The Language of Ethical Instruction in the Letter to Titus

Ethics-in-Titus-001So, probably around 18 months ago, the strangest thing happened.

I was invited to give a paper at a conference in Germany. Like, for real. The conference theme was “Ethics in Titus.” (Conference flyer) It seemed right in my wheelhouse.

I actually thought the invite was a phishing attempt, but after checking with my friend Ray Van Neste who was also on the invitation, I figured it was genuine.

Talk about imposter syndrome — the list of invitees read like a who’s who of people who have written on the Pastoral Epistles. And then me (with “Prof. Dr.” prepended to my name) right there with the rest of them. And my topic? “Ethics and Language in Titus.” Again, right in my wheelhouse, mostly.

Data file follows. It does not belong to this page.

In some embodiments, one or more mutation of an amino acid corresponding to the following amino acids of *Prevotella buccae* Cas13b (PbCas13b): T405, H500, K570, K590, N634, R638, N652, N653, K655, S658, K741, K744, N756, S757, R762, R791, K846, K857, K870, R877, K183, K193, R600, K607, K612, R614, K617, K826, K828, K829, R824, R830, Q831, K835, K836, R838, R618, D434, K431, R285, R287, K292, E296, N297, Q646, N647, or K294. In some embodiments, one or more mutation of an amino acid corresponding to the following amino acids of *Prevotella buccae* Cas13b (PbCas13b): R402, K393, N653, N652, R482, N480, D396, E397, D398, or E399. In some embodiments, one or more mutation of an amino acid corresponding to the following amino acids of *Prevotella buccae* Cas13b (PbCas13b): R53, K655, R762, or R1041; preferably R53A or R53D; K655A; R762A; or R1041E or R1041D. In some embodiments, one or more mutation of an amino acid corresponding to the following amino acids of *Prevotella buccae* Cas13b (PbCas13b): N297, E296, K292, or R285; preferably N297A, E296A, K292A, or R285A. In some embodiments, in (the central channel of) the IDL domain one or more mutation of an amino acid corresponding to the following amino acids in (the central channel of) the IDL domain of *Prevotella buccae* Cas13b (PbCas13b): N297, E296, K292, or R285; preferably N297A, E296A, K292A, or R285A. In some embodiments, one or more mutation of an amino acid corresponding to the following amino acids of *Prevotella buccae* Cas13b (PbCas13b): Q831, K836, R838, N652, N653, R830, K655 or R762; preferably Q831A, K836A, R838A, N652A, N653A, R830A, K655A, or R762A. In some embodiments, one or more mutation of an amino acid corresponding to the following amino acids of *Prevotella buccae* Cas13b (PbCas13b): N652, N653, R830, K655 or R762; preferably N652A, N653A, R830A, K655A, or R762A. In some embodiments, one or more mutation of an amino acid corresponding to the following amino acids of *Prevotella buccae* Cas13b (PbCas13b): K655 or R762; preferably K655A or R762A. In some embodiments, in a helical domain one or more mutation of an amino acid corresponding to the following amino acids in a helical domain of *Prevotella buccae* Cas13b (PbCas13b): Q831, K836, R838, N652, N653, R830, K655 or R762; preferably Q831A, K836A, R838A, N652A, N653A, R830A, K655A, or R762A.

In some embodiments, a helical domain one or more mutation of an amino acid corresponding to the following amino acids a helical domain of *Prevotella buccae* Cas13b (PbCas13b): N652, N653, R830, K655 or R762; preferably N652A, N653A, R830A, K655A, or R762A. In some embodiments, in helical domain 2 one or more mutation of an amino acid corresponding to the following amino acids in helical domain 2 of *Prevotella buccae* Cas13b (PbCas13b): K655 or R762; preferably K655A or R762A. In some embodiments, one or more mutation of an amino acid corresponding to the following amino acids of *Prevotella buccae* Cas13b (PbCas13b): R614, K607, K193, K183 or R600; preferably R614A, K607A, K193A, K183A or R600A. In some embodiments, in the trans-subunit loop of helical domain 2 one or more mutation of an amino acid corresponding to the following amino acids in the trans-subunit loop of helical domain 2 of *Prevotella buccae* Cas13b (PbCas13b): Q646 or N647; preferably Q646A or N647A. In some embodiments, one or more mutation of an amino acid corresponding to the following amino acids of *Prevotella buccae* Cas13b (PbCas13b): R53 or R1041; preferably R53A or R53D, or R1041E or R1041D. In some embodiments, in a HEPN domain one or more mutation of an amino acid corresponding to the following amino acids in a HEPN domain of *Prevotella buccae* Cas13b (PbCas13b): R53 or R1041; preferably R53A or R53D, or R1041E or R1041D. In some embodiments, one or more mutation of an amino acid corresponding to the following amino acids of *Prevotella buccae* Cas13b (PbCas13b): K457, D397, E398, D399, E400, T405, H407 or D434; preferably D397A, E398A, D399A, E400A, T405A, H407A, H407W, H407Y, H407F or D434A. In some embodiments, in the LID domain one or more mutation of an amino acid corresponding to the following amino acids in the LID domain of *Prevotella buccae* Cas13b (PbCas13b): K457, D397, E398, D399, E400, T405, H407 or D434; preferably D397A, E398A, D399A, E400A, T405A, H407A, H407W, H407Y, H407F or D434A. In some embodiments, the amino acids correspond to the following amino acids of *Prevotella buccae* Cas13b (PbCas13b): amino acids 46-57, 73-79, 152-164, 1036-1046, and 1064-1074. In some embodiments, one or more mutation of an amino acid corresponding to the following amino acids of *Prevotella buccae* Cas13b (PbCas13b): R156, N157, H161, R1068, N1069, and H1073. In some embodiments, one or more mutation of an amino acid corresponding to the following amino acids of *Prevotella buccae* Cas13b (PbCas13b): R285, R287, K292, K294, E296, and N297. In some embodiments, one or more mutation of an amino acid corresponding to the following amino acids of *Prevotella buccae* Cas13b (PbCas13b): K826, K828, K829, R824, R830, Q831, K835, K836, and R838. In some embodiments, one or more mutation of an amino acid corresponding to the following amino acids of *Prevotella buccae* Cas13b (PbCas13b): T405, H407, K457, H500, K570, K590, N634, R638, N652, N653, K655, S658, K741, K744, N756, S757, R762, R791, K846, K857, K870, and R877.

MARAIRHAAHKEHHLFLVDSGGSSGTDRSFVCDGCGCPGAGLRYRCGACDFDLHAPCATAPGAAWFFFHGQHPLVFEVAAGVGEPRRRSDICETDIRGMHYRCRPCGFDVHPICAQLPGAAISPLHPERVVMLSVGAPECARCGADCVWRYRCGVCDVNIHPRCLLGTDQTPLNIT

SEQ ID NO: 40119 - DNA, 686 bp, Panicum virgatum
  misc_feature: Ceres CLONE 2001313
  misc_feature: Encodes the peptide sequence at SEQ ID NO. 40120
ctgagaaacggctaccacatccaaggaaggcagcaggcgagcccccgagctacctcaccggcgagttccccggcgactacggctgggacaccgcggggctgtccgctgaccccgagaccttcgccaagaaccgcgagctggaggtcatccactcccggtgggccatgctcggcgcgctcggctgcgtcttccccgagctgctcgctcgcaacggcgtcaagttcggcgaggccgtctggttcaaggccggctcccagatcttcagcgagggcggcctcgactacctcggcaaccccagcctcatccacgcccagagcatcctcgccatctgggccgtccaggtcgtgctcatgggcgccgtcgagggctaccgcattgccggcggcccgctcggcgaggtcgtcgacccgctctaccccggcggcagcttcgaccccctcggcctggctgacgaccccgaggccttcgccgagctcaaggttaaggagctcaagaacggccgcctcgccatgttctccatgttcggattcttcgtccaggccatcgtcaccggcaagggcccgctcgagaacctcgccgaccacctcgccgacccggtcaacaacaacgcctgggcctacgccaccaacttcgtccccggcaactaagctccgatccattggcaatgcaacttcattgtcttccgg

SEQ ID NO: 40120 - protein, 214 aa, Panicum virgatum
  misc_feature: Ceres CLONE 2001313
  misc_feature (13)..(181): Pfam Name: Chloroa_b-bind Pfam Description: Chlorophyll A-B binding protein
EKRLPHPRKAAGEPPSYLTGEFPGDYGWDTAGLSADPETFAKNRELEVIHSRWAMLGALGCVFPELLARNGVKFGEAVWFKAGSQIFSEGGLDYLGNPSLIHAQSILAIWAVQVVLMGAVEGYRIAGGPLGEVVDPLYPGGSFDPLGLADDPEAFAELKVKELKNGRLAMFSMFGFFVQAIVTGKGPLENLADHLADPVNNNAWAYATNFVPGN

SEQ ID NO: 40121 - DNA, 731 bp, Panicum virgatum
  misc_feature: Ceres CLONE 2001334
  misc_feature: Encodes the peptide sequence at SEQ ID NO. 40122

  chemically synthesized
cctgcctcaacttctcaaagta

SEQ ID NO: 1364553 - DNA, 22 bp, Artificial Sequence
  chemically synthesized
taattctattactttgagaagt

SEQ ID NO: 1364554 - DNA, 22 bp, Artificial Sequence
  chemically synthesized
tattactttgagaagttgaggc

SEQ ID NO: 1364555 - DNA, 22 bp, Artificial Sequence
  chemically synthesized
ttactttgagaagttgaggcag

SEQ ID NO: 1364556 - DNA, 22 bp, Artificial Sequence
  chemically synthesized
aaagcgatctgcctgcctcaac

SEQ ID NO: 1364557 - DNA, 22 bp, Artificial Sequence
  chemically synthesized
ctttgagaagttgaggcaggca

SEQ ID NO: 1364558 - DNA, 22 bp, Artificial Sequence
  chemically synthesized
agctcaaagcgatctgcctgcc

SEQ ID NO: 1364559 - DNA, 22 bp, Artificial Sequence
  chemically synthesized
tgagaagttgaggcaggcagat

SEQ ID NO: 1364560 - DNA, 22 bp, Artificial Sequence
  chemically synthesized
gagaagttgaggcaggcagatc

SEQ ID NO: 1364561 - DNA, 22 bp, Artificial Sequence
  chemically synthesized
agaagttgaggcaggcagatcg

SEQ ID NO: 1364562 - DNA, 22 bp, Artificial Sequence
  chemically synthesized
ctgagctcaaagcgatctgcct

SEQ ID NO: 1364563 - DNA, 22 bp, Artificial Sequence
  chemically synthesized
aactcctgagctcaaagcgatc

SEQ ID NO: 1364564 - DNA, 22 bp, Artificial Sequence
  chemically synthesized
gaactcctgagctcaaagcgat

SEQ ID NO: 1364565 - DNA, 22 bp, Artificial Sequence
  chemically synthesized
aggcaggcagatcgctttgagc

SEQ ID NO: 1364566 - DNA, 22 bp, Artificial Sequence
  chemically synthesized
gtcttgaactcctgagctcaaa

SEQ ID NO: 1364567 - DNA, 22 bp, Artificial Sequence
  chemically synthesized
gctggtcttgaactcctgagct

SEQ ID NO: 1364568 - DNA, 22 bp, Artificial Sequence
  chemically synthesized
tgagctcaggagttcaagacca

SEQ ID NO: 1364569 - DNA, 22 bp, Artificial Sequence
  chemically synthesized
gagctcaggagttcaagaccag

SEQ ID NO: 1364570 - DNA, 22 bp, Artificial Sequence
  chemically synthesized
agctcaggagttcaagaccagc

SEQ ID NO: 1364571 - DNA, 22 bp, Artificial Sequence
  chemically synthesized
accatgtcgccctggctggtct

So I said I’d write a paper (available here) and attend. I mean, who wouldn’t? Turns out they obtained funding, and my trip would be paid for (reimbursed).

I started writing the paper earlier this year. I did some research on the folks putting on the conference and found out that speech act theory was a tool used in other writings associated with these people, so started to dig in — especially since colleagues at Faithlife had recently completed a speech act analysis of the Hebrew Bible and Greek New Testament, and used that analysis to arrive at a specialized analysis of commands (which can be viewed as “ethical instructions”) as well.

Here’s the abstract: